Moseley v. Electronic & Missile Facilities, Inc.,
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374 U.S. 167 (1963)
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U.S. Supreme Court
Moseley v. Electronic & Missile Facilities, Inc., 374 U.S. 167 (1963)
Moseley v. Electronic & Missile Facilities, Inc.
Argued April 16-17, 1963
Decided June 17, 1963
374 U.S. 167
A plumbing and heating subcontractor brought suit under the Miller Act in a Federal District Court in Georgia against a prime contractor under contracts with the United States for construction work at two Air Force bases in Georgia seeking (1) recovery of amounts alleged to be due under the subcontracts, or (2) rescission of the subcontracts on grounds of fraud and recovery on a quantum meruit basis, or (3) recovery of the reasonable value of the labor and materials furnished, and (4) to enjoin the prime contractor from pursuing litigation which it had instituted in a New York State Court seeking arbitration proceedings in New York under provisions of the subcontracts, which the subcontractor claimed to be fraudulent. The District Court held that (1) the Miller Act gave the subcontractor the right to sue in the District where the subcontracts were performed and (2) the arbitration clause, if induced by fraud, would be vitiated; and it enjoined the arbitration proceedings in New York. The Court of Appeals reversed, holding that the subcontractor must arbitrate in New York under New York law.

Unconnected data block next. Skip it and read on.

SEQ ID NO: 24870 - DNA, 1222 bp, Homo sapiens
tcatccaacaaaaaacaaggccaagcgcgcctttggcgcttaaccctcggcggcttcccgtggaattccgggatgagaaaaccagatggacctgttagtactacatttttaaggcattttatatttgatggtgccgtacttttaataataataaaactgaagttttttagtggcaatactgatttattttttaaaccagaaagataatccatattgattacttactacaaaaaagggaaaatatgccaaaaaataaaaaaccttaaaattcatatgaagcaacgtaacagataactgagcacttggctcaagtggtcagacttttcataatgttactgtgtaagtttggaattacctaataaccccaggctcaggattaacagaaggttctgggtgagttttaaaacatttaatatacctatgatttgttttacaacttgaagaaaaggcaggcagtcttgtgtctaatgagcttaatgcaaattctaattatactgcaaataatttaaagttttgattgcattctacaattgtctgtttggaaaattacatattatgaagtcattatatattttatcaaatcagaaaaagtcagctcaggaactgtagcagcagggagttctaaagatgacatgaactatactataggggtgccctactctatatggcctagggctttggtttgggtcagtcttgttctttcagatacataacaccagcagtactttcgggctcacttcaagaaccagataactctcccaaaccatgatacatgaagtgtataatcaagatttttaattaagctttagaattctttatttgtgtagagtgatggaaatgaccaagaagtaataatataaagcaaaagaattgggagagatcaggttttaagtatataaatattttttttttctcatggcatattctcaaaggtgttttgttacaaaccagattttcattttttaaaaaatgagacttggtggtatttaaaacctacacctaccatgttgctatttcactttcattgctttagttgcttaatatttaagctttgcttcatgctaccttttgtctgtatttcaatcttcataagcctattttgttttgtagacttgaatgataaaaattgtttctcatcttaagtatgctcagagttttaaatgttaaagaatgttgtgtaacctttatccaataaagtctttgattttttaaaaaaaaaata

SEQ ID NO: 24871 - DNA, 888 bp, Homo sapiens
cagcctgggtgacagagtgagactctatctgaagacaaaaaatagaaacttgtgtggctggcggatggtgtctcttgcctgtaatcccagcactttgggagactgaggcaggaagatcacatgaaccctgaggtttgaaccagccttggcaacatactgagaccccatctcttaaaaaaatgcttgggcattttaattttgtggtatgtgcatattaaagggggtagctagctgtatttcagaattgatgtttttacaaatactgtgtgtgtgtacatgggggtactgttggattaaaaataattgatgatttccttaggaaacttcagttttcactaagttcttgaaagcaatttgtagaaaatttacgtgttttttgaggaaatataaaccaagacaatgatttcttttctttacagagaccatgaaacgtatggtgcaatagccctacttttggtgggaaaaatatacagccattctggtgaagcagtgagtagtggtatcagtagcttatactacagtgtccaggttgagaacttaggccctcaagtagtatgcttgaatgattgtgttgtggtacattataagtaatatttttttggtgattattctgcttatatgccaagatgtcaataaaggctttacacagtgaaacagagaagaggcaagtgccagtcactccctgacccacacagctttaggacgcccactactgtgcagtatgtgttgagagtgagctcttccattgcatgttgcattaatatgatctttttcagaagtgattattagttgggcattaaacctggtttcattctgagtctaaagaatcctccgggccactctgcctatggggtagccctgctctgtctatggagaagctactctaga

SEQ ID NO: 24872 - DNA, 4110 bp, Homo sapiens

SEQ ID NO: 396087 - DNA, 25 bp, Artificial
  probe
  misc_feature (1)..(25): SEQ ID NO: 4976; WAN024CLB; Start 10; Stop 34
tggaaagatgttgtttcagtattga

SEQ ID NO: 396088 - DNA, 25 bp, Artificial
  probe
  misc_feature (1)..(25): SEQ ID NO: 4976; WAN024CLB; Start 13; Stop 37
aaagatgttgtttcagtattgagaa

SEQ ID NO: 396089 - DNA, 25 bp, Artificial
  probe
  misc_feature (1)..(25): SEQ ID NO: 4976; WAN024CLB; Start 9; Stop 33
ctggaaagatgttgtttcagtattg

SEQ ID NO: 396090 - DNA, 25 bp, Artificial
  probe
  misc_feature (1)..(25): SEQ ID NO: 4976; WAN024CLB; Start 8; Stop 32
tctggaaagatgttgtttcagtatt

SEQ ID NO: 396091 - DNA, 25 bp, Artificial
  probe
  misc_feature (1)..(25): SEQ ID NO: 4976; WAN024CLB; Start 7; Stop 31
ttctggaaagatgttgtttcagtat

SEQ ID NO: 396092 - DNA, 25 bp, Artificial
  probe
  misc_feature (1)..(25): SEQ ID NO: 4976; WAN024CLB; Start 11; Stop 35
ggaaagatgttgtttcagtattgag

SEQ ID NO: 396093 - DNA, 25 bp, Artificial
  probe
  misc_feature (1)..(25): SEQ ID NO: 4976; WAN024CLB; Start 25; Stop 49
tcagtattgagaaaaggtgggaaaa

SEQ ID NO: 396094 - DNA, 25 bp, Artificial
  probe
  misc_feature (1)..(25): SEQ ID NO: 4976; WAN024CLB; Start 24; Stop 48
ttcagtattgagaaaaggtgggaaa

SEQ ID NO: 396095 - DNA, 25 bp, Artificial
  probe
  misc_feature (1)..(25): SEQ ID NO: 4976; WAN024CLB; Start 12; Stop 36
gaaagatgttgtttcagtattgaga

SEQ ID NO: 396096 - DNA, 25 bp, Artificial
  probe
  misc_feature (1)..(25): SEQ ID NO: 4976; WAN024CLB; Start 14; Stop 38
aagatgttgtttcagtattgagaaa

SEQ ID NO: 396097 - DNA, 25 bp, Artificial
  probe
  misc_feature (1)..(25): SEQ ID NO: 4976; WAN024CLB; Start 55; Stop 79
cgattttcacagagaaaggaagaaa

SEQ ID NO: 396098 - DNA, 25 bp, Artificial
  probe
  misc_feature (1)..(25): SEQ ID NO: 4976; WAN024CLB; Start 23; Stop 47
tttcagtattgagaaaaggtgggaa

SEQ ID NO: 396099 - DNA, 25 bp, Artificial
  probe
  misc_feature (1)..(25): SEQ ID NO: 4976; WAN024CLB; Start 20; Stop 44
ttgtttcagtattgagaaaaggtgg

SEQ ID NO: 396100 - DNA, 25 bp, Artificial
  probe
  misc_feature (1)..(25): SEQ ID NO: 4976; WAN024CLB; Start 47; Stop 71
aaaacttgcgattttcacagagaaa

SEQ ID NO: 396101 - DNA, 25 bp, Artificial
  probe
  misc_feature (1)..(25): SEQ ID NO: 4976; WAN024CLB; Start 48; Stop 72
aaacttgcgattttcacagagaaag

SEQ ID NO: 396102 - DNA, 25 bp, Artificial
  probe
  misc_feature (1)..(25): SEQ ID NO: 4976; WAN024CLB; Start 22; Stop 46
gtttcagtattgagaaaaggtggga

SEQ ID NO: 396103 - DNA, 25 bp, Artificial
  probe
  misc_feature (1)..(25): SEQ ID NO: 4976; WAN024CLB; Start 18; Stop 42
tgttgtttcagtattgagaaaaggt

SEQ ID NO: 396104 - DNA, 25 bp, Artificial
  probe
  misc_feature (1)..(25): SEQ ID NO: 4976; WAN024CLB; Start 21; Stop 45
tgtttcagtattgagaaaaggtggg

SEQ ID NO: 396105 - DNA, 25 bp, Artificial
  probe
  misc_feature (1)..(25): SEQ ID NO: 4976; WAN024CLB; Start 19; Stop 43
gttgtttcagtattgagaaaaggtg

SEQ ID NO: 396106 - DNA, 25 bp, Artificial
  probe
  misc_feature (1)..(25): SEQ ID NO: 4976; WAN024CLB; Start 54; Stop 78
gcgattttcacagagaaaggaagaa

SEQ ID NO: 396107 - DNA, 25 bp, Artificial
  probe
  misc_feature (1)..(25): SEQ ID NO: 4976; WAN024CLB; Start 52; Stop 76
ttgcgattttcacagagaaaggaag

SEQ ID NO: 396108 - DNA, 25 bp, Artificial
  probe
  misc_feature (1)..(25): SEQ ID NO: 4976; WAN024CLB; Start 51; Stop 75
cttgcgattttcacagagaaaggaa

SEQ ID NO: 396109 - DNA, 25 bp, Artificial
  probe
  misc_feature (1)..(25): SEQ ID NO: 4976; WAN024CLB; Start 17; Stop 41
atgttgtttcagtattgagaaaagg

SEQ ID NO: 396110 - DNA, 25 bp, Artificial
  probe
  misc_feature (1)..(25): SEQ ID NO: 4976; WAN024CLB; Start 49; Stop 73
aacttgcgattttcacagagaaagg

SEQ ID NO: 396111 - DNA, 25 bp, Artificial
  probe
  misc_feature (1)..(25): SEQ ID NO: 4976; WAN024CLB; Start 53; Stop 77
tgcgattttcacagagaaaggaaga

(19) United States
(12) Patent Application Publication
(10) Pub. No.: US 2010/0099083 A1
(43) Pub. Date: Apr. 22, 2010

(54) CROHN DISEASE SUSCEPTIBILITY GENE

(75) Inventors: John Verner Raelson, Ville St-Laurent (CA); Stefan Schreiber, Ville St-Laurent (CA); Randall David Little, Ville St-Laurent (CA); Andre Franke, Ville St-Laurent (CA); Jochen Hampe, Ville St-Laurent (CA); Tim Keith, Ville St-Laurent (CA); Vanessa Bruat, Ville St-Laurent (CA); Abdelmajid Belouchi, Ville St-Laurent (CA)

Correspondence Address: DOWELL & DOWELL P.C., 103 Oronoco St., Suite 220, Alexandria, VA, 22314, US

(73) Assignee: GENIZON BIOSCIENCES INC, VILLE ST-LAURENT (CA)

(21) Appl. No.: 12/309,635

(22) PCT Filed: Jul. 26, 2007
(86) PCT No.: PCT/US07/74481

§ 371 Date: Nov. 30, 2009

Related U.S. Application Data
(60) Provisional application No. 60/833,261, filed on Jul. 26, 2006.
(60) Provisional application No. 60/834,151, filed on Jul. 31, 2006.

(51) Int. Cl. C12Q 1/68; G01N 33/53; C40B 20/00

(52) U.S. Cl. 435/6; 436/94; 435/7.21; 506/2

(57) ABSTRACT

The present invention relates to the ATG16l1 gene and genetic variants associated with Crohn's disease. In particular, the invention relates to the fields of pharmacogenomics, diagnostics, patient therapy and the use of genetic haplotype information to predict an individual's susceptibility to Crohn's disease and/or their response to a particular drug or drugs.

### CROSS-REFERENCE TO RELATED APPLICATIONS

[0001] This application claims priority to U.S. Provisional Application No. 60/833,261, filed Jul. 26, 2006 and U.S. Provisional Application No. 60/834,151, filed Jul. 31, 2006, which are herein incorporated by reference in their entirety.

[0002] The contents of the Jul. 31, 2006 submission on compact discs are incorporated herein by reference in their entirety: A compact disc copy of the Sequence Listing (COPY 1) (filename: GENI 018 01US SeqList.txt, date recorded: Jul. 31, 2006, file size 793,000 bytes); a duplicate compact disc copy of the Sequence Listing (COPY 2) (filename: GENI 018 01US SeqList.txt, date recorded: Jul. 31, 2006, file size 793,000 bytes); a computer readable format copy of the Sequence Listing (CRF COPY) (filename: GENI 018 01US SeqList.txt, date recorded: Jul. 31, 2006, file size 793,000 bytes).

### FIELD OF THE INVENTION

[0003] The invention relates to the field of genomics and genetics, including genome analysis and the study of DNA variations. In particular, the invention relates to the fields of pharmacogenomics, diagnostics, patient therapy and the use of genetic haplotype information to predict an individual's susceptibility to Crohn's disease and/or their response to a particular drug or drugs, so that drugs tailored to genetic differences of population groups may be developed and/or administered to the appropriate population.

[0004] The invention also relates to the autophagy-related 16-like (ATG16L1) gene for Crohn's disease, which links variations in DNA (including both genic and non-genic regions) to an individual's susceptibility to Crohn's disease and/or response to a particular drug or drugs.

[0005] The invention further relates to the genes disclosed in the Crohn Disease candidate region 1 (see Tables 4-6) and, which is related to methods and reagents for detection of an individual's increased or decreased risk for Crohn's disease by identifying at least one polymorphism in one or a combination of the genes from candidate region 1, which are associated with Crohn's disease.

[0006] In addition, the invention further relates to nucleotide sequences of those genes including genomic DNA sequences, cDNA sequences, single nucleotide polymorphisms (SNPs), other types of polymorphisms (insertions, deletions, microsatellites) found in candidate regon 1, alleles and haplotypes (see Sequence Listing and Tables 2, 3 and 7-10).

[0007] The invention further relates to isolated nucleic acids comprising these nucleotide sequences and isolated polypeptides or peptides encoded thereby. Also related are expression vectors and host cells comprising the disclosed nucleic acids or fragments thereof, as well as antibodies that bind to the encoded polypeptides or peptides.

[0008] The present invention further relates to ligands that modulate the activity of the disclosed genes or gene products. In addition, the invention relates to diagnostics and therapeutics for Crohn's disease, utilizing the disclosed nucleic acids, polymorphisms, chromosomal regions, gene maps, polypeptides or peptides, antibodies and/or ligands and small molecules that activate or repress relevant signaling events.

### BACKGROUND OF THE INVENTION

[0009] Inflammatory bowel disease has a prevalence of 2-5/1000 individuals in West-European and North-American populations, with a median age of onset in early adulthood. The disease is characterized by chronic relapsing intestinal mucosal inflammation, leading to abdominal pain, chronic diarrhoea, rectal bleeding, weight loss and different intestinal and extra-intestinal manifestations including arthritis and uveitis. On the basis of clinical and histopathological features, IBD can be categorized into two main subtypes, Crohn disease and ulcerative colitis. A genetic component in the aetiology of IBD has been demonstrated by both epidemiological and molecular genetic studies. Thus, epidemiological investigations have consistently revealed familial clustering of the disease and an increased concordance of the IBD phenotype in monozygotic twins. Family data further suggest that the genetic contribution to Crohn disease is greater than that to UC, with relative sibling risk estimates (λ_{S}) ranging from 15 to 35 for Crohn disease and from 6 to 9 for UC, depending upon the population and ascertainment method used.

Held: The issue of fraud must first be determined by the District Court, since a determination that the subcontracts or their arbitration provisions were fraudulent would eliminate any conflict between them, the United States Arbitration Act and the Miller Act. Pp. 374 U. S. 168-172.
306 F.2d 554 reversed.